Makati City has made COVID-19 RT-PCR (the real-time reverse transcription polymerase chain reaction) tests, the gold standard for testing, more affordable and accessible to private citizens as well as business establishments operating in the city.
This was announced by Mayor Abigail “Abby” Binay on Friday, November 20.
In a statement, Binay said that the city’s individual PCR tests are priced at an affordable P2,950, saying this is way cheaper than the swab test of private clinics and hospitals in Metro Manila which are priced between P4,500 and P8,500.
This was made possible by the city government by partnering with public hospitals and private testing laboratories in order for more residents of Makati to get tested for COVID-19, the mayor said.
She added that results will be released faster than of those from pricy private clinics and hospitals. This is in order to give immediate medical treatment to individuals who are found positive for COVID-19, the mayor added.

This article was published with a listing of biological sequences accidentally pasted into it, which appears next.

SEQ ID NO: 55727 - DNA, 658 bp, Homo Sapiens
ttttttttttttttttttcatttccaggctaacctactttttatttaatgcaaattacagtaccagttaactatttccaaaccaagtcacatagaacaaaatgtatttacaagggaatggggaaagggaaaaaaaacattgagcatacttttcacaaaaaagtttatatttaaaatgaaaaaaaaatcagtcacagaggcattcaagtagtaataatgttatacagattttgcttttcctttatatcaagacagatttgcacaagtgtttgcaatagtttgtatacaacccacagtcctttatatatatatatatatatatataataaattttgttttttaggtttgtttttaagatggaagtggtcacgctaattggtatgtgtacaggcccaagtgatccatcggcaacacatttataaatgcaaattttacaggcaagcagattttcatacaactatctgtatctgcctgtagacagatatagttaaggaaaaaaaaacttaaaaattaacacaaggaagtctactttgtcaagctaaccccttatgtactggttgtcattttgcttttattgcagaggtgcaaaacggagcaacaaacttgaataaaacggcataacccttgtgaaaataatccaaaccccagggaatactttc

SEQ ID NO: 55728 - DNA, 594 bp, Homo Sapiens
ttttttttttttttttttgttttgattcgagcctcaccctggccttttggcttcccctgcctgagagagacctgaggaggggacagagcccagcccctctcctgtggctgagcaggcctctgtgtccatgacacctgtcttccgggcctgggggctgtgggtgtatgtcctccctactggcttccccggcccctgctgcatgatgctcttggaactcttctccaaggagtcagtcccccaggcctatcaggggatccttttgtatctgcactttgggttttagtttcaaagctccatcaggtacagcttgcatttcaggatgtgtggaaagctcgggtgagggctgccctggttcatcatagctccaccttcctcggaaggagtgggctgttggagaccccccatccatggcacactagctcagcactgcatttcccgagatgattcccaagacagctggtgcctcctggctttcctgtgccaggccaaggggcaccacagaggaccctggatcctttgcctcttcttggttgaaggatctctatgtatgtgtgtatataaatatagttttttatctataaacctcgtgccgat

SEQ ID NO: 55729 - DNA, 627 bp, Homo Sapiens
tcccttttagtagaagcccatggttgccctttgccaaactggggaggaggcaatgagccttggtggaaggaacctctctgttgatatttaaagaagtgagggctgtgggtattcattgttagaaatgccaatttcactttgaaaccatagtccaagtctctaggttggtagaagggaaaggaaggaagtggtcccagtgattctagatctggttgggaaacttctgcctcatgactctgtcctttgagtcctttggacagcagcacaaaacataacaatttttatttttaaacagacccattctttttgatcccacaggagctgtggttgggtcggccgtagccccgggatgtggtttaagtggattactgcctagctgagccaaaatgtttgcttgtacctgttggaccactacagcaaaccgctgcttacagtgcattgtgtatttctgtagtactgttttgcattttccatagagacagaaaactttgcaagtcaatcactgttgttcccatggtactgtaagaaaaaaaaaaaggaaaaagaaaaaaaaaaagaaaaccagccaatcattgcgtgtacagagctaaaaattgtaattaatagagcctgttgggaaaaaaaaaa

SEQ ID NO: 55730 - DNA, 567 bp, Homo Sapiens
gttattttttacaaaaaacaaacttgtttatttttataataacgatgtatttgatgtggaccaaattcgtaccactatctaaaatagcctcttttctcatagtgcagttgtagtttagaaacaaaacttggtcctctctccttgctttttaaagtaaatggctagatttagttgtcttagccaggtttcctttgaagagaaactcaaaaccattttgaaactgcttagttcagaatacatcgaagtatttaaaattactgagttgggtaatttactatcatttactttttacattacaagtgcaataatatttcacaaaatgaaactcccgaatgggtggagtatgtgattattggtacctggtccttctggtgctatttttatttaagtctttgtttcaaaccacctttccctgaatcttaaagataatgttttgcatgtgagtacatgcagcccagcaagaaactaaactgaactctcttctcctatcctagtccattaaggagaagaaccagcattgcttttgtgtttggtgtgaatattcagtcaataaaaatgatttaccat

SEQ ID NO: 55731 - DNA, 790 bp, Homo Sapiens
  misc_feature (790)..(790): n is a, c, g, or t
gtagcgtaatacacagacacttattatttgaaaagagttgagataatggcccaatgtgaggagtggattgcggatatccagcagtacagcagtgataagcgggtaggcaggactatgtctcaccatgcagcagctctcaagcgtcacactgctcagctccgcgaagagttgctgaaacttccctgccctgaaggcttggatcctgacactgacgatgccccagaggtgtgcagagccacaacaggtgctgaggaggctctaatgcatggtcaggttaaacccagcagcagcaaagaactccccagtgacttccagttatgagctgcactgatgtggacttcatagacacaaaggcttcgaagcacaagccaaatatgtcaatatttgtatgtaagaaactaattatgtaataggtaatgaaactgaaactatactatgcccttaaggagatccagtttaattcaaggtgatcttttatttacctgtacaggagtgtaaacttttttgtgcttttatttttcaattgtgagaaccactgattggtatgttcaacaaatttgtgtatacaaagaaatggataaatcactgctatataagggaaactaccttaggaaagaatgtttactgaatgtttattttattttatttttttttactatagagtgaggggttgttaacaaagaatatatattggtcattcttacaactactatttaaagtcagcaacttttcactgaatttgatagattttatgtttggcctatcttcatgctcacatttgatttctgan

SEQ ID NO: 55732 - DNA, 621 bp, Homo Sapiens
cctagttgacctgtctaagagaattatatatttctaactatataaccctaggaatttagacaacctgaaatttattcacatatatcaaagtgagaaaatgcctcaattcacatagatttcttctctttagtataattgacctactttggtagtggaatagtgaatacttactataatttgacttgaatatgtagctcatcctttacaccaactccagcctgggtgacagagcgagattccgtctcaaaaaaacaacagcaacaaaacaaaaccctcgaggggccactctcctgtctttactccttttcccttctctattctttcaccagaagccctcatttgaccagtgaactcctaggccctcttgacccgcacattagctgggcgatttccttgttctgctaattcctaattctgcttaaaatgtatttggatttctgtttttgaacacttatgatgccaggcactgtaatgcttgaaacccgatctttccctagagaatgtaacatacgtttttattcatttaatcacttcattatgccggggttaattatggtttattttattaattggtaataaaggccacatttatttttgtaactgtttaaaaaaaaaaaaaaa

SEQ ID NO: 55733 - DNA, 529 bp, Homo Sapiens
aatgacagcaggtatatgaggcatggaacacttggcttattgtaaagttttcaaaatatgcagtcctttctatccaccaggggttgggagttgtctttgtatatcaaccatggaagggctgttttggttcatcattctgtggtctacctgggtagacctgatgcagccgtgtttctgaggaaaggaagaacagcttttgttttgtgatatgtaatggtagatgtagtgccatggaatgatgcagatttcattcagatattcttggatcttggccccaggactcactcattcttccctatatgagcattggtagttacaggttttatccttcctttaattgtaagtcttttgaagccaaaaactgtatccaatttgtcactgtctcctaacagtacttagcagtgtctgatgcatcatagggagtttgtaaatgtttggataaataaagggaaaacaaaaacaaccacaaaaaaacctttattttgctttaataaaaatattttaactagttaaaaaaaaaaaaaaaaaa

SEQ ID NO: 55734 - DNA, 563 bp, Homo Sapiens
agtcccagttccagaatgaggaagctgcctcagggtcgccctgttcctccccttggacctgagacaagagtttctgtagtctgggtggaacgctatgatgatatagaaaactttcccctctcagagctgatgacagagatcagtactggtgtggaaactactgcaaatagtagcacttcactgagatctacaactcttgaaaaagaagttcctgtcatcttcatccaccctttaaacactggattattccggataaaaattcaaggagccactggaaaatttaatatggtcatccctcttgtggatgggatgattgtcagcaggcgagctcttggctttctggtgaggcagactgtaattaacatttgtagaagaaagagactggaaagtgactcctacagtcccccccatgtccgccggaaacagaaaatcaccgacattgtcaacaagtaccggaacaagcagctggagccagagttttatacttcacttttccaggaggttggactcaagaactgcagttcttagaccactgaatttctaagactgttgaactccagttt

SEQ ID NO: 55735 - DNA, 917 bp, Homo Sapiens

“I have always believed in mass testing as a way to prevent further transmission of the coronavirus. From the very start, Makati has looked for ways to bring COVID-19 tests to our employees and residents, especially the most vulnerable sectors of society,” said Binay.
Makati City said residents and companies can book for their RT-PCR tests privately by logging on to www.safemakati.com.
Makati is one of the first cities in Metro Manila to implement mass testing for the coronavirus.
Notably, Makati began testing front liners, employees, and members of the police force for coronavirus as early as April.
The city has also tested P6,000 public utility vehicle (PUV) drivers and market vendors in September during the pooled “mass testing” program under Project ARK.
“Now that we have more experience in mass testing, I am encouraging companies, businesses, establishments, and private individuals to take advantage of our offer. Just go online and book for a test, even if you don’t feel any symptoms or have not come in contact with anyone who tested positive for COVID-19,” she said.